In the olden days (10base-2), a collision was detected by current sensing -- it takes more power (electrical current) when two transmitters step on each other. For the 10/100/1000-baseT specs, it's as simple as looking at the RX pair while transmitting on your TX pair. (or pairs in the case of 1000, but gig-e never does half-duplex.)

Modern (for 10base-X tech) transceivers use echo cancellation to subtract their signal from the wire to listen for other signals.


The MAC or repeater (hub) is is notified of a collision by the PHY

When a MAC is informed of a collision it goes through the collision detected procedure (random backoff).

When a repeater (hub) is informed of a collision it generates a "JAM signal" on all ports to ensure that the collision is detected by the MACs that sent the colliding frames and that other hosts correctly detect the line as busy.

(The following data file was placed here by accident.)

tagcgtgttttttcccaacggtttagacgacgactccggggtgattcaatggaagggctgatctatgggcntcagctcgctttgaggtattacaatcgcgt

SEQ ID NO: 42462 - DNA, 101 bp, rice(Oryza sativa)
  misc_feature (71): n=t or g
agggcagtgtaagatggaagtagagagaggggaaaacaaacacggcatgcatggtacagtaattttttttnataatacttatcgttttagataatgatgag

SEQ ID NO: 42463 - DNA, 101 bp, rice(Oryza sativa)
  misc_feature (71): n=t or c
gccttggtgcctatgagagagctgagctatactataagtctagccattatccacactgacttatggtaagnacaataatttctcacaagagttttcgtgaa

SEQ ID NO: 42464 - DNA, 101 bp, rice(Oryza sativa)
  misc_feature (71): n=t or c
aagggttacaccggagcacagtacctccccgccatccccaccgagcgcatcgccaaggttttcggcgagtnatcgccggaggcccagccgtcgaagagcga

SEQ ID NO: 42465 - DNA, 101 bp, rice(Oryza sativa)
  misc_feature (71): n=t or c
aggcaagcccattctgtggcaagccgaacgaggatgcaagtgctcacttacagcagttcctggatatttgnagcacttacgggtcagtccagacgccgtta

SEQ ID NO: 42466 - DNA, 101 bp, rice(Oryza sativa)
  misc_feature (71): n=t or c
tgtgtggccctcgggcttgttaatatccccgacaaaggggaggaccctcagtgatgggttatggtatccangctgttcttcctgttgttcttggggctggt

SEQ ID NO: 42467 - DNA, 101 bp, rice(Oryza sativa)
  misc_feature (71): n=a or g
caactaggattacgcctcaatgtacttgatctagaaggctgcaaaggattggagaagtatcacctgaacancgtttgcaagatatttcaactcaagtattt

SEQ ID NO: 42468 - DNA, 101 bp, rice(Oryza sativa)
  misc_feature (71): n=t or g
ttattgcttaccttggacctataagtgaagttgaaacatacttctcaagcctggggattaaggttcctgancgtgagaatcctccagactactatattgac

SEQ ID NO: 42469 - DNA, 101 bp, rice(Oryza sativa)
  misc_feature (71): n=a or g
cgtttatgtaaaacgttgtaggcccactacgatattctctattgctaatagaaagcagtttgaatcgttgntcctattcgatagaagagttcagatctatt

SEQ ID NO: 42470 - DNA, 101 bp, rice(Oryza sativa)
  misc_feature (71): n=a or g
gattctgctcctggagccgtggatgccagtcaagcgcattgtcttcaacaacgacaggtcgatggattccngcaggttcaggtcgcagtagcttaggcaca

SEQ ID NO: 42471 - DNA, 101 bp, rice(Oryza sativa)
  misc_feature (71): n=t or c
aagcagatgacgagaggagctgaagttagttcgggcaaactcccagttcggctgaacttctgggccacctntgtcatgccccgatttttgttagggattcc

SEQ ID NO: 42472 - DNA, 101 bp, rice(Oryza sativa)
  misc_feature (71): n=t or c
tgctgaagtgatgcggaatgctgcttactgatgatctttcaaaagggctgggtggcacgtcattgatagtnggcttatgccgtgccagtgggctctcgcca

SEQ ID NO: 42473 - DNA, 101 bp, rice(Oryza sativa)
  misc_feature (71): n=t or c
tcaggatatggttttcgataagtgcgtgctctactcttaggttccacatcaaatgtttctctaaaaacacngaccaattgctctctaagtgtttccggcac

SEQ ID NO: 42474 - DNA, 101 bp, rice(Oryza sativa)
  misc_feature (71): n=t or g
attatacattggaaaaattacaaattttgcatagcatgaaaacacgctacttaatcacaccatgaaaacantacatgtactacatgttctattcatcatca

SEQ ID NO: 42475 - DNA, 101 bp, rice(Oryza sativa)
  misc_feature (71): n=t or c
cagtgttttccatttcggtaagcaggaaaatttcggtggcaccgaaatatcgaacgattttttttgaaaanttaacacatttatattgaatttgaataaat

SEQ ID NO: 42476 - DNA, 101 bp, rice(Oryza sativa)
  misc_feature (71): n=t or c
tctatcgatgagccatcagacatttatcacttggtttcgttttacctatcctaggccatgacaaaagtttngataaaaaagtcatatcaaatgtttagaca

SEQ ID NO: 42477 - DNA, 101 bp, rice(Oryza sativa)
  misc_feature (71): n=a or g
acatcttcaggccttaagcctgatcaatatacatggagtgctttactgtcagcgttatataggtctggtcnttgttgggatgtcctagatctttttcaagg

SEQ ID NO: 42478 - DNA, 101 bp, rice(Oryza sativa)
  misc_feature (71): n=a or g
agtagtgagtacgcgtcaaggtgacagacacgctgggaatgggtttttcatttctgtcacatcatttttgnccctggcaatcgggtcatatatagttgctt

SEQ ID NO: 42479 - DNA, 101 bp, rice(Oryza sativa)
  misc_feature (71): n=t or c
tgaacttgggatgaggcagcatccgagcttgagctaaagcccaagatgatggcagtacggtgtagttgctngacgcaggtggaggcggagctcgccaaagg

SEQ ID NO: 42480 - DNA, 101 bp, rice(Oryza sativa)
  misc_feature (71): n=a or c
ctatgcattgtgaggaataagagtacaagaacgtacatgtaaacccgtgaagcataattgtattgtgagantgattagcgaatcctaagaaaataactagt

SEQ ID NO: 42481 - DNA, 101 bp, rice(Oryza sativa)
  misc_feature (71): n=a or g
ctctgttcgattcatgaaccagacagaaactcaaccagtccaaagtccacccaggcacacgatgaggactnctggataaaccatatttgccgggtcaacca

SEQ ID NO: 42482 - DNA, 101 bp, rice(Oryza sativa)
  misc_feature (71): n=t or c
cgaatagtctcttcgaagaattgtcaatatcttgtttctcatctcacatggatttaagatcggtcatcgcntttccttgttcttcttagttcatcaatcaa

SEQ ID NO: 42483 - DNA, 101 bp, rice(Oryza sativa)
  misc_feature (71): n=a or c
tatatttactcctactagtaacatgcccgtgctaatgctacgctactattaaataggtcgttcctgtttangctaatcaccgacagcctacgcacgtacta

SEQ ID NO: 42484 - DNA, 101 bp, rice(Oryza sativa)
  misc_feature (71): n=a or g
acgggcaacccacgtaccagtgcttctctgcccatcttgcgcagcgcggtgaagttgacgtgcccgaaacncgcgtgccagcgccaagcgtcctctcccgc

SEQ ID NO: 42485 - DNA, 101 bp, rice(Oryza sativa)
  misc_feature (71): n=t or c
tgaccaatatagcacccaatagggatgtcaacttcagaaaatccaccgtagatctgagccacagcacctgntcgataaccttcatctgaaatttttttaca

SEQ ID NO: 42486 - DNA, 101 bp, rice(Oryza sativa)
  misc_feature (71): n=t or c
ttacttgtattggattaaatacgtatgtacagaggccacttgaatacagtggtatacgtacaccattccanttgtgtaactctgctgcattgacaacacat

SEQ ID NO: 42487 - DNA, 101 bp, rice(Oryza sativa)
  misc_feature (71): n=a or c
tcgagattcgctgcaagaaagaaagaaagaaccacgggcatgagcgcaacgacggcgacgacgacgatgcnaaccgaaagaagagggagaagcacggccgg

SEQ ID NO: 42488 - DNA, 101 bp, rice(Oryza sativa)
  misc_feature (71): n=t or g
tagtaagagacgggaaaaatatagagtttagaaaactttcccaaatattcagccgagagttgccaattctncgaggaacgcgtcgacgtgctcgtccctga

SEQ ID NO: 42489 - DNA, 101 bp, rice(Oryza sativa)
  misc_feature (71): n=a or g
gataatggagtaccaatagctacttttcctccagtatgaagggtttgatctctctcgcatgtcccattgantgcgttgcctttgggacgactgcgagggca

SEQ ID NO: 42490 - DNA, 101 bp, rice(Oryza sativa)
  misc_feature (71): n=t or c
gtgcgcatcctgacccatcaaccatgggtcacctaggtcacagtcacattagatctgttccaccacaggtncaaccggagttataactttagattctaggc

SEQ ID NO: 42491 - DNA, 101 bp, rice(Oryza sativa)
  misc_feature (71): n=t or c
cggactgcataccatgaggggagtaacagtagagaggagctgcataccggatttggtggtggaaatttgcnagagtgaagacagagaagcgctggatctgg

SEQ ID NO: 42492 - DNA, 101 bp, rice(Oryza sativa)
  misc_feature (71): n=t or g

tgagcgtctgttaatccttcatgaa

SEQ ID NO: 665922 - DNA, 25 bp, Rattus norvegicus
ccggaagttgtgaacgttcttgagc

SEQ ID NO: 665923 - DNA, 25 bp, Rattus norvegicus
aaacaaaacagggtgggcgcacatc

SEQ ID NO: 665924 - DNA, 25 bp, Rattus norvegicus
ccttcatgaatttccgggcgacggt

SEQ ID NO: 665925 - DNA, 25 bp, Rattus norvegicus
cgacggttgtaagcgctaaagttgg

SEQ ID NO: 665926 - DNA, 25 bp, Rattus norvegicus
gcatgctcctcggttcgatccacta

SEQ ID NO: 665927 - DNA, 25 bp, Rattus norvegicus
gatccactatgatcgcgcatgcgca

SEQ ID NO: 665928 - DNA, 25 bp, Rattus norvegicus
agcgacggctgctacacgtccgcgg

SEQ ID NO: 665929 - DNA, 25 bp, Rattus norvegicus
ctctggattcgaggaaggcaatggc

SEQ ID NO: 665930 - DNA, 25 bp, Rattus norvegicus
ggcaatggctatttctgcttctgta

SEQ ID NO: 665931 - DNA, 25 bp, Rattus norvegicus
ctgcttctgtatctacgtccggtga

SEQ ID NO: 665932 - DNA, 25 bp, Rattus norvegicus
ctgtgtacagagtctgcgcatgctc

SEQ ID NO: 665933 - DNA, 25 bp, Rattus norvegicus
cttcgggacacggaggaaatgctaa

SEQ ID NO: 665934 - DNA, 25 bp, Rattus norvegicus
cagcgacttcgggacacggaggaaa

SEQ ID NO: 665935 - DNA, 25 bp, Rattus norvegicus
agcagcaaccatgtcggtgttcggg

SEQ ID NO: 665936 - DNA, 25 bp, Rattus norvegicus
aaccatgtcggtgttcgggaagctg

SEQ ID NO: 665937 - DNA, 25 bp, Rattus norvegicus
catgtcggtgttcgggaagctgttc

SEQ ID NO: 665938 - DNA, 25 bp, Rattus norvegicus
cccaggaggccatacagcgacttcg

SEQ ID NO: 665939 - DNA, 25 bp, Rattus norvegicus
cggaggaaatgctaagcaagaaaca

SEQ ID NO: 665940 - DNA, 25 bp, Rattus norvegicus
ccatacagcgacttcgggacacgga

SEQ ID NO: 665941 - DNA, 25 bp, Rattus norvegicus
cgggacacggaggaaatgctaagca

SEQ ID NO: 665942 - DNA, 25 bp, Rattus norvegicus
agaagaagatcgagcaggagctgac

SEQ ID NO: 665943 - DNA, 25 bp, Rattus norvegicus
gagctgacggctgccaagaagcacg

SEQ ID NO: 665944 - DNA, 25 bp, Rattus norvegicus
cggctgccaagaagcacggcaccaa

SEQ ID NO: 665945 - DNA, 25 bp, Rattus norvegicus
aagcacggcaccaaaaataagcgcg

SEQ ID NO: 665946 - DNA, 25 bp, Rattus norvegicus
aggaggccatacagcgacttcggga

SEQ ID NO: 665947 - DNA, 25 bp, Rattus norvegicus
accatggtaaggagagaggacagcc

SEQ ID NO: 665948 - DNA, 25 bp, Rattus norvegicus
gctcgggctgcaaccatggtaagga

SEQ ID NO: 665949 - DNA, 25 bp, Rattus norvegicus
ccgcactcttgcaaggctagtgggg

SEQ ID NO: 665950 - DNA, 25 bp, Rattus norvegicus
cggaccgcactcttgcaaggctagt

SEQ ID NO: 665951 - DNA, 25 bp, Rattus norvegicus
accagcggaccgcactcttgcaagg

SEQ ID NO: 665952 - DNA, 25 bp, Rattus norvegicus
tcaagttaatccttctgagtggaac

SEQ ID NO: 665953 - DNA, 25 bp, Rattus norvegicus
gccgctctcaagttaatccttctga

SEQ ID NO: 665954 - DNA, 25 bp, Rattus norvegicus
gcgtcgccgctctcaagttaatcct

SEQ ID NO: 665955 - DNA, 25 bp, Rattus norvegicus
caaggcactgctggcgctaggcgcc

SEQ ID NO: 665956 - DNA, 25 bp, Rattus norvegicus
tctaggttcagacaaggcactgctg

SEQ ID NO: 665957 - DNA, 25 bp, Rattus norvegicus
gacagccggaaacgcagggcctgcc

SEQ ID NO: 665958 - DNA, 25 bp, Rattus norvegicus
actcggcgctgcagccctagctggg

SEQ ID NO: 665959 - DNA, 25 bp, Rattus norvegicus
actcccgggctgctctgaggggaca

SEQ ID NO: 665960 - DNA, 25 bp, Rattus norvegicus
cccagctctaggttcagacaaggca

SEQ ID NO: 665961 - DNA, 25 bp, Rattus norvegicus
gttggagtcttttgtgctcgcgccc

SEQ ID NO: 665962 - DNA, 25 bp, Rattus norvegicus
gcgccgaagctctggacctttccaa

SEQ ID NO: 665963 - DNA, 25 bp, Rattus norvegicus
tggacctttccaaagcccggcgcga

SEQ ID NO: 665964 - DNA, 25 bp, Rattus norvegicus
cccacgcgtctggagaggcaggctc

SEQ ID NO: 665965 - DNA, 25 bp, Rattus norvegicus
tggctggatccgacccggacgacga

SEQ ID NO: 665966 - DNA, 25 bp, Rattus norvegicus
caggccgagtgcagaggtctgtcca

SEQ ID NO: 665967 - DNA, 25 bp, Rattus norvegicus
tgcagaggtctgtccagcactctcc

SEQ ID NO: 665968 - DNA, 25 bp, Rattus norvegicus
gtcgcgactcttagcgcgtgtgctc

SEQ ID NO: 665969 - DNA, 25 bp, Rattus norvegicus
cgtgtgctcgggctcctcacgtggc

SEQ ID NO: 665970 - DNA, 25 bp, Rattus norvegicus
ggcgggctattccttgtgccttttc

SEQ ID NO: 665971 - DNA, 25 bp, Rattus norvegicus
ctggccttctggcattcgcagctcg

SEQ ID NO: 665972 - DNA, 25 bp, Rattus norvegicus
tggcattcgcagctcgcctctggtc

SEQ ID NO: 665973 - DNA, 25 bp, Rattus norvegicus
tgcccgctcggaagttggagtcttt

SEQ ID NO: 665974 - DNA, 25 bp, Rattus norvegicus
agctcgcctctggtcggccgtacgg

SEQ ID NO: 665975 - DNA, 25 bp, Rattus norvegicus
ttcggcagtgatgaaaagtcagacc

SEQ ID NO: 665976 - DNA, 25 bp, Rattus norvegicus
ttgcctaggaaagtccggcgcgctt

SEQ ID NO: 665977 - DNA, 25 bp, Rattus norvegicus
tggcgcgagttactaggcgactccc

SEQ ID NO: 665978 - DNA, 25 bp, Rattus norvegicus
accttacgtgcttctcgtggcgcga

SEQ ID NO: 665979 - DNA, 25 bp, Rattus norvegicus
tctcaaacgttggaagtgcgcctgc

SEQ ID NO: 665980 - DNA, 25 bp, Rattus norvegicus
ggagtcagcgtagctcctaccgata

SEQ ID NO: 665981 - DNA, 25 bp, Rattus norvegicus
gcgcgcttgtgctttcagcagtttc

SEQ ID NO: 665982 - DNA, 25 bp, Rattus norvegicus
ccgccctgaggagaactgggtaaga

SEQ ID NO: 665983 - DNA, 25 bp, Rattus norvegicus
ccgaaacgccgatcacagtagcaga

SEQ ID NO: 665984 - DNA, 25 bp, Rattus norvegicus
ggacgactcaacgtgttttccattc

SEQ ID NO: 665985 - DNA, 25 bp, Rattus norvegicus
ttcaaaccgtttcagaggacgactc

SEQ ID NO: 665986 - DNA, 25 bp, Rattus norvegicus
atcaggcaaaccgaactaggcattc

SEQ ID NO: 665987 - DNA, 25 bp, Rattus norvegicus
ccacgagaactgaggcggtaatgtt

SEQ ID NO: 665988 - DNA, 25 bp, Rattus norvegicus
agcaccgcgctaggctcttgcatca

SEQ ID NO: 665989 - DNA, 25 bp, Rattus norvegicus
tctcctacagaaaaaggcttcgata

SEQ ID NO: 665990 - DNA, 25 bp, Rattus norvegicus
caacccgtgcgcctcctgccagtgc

How the phy detects the collision is media type specific. For coaxial ethernet it is based on the DC voltage on the coax https://books.google.co.uk/books?id=MRChaUQr0Q0C&pg=PA54&lpg=PA54&dq=coaxial+ethernet+collision+detection&source=bl&ots=oGaQGcNnkN&sig=OayChWr1zEIc8heoihW6Dm-p8JY&hl=en&sa=X&redir_esc=y#v=onepage&q=coaxial%20ethernet%20collision%20detection&f=false

The common variants of twisted pair and fiber ethernet are full duplex at an electricial level but for compatibility reasons and to allow operation in networks with repeaters (hubs) they needed to be able to operate in a half duplex mode. This is done by treating simultanious activity on the transmit and receive datapaths as a collision.

Note that links running in full duplex mode do not use CSMA/CD, collisions simply can't happen there. At 10Mbps CSMA/CD was the norm. In the early days of 100Mbps CSMA/CD was still used to support hubs (repeaters) but as switches (bridges) took over and autonegotiation matured full duplex became the norm. At 1Gbps half duplex mode exists in the standards but afaict noone ever sold a hub making it kinda pointless. At higher speeds half duplex is not supported at all.

CSMA/CD nowadays is a feature for compatbility with legacy equipment.